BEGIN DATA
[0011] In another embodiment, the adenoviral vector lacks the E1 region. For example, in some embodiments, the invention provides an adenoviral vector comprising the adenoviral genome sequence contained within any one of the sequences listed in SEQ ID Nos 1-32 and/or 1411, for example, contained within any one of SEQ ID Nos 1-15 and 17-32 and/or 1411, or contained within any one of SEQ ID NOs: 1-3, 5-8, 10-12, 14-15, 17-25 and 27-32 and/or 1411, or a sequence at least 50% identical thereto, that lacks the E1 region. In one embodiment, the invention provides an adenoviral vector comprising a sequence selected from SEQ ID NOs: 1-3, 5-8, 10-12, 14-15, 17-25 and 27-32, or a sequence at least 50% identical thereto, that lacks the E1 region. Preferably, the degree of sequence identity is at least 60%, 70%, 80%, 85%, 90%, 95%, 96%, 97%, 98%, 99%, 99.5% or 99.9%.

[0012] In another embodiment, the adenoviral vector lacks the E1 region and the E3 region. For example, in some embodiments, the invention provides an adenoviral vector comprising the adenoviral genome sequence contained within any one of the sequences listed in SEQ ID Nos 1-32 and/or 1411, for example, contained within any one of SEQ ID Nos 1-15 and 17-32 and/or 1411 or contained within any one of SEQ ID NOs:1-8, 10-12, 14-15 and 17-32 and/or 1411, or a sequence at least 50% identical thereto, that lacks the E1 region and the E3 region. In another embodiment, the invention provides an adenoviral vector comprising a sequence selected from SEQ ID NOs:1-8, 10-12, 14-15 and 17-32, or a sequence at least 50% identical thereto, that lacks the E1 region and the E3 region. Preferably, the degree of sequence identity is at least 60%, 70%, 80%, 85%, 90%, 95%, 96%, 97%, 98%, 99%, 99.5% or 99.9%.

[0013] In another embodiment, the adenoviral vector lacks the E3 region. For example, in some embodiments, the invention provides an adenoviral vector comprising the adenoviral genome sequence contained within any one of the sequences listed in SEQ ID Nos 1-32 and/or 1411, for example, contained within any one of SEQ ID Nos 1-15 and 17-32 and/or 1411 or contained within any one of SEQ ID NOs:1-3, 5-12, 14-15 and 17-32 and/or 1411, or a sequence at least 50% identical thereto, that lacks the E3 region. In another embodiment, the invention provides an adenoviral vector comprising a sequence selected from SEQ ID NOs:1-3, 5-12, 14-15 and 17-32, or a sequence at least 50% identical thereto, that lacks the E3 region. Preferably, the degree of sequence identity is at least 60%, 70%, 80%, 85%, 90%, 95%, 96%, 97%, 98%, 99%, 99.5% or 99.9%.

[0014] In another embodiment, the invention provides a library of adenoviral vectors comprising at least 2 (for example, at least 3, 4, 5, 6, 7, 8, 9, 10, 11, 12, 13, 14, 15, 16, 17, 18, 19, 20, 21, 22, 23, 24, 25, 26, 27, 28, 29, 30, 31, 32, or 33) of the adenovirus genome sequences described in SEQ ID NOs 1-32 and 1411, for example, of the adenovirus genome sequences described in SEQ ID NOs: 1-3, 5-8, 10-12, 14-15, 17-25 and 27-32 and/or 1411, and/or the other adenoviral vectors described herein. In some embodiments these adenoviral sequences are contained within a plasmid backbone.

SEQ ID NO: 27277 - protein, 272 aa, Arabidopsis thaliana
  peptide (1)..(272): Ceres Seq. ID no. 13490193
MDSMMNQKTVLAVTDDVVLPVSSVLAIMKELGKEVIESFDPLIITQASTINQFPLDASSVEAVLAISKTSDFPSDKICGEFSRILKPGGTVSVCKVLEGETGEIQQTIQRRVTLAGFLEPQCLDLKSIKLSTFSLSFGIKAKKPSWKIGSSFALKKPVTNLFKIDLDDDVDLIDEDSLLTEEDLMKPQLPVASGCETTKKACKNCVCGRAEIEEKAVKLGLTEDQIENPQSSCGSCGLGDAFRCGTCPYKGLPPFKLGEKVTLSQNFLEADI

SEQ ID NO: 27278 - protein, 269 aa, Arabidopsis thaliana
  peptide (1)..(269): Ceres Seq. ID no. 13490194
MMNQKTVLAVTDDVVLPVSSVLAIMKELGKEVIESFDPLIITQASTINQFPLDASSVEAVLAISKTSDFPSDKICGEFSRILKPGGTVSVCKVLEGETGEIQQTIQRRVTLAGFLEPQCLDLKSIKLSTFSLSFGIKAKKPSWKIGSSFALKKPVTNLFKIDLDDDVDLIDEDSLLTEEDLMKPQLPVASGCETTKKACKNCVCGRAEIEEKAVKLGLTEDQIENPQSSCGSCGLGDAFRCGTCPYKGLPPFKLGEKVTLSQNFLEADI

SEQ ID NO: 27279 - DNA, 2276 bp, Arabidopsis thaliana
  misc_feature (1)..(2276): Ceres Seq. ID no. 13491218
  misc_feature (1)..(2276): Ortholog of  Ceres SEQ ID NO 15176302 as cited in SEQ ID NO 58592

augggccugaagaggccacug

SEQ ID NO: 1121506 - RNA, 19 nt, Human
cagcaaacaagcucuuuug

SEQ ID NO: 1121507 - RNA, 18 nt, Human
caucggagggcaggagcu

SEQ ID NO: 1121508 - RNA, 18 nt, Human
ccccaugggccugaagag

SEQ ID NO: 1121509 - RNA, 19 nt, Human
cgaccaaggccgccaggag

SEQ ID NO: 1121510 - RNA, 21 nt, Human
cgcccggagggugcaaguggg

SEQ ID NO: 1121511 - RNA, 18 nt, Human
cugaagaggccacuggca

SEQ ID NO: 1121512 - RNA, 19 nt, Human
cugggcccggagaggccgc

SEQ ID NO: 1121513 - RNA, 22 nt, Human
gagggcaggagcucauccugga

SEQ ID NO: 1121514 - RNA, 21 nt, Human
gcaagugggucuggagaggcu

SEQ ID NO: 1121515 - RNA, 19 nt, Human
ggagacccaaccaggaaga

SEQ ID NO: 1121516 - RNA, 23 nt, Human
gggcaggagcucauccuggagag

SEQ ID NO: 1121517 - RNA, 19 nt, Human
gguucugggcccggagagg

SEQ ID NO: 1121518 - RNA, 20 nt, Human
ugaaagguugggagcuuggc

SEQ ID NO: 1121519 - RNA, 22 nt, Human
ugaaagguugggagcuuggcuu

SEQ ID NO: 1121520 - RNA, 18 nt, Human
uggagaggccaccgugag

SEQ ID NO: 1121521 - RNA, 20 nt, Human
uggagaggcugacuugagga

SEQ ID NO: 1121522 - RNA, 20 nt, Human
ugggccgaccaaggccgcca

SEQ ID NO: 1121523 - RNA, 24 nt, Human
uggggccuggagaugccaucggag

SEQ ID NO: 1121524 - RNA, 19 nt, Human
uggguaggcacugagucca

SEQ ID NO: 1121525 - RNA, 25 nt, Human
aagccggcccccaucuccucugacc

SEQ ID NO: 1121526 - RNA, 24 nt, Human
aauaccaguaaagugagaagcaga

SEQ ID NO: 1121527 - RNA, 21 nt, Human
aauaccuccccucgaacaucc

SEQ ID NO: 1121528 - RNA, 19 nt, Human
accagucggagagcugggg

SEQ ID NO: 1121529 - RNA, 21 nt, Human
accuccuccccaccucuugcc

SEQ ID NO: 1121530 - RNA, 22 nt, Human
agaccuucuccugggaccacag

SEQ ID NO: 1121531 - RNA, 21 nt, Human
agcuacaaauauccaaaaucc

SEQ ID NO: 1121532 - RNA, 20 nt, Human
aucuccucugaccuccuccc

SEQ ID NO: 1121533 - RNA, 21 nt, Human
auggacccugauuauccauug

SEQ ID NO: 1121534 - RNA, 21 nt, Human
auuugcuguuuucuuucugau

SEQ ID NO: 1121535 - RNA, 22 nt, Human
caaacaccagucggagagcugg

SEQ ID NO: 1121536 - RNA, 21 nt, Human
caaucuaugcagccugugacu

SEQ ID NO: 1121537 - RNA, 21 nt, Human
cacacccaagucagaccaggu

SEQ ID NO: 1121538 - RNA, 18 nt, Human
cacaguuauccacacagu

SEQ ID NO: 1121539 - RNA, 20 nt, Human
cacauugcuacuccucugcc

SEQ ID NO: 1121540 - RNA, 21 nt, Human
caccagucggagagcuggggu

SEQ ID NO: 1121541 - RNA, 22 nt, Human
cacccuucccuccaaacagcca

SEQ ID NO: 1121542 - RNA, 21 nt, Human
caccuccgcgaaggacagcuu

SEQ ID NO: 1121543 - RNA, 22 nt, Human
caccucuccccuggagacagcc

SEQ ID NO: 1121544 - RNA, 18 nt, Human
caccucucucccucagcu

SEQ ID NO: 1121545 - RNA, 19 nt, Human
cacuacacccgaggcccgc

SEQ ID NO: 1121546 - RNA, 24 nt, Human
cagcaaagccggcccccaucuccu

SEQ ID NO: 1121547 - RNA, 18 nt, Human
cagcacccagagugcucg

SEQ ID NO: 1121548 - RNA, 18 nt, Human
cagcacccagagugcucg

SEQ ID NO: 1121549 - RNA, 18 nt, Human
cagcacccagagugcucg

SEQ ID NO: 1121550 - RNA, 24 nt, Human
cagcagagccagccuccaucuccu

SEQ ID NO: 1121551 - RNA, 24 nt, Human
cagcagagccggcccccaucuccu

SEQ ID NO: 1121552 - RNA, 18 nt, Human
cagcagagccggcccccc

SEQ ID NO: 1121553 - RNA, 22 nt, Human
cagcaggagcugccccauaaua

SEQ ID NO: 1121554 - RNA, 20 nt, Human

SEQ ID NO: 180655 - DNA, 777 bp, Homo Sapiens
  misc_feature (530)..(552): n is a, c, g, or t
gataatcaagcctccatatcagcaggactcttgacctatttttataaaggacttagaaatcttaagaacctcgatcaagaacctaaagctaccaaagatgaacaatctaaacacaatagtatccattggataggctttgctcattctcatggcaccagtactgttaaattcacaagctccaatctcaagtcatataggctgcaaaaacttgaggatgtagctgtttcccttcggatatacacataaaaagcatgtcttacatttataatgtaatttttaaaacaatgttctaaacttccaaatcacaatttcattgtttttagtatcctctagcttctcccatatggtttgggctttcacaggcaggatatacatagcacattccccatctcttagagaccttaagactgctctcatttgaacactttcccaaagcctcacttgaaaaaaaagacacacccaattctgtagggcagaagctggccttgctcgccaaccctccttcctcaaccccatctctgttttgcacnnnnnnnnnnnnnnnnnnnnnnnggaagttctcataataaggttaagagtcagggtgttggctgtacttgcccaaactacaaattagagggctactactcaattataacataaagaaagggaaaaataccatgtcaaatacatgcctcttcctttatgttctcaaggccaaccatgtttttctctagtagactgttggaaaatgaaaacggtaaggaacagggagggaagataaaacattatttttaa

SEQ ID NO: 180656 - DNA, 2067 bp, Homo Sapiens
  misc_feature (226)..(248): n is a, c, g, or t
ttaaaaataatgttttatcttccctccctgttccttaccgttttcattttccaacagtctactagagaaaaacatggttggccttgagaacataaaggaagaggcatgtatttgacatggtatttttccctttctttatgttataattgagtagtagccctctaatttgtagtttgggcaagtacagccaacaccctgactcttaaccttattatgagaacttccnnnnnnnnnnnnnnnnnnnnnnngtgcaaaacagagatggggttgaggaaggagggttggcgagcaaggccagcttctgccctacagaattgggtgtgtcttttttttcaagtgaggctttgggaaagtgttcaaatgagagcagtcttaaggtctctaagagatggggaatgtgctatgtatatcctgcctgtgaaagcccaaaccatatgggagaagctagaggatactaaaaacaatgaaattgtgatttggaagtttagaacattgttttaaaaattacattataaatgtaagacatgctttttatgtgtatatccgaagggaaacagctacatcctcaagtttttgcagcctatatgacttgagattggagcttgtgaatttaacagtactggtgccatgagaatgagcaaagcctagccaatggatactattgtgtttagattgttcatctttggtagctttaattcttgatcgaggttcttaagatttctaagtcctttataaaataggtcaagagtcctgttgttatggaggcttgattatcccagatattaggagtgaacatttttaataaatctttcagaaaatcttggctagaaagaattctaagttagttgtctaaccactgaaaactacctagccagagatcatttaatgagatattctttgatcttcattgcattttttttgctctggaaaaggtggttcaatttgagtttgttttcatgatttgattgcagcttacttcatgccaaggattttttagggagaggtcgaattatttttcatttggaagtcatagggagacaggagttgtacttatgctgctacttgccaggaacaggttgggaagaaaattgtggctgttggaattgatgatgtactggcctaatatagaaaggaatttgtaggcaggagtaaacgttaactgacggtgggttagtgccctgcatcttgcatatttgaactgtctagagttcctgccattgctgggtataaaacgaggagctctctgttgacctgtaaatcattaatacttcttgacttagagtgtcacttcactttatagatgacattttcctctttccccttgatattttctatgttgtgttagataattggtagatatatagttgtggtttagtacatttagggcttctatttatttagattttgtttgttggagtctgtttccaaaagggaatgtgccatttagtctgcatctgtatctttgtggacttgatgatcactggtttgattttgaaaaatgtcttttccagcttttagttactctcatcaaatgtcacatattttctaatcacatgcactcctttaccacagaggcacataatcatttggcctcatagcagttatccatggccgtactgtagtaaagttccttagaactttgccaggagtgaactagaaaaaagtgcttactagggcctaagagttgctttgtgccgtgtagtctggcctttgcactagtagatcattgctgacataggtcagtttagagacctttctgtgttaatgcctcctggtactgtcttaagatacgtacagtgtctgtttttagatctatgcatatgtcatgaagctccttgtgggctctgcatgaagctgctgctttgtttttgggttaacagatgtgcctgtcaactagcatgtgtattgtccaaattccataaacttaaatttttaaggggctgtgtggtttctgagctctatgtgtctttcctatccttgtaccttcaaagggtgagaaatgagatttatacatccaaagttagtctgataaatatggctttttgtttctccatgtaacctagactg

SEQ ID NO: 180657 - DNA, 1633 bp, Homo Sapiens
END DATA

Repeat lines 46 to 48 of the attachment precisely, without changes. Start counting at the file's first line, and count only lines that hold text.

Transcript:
uggagaggcugacuugagga

SEQ ID NO: 1121522 - RNA, 20 nt, Human
ugggccgaccaaggccgcca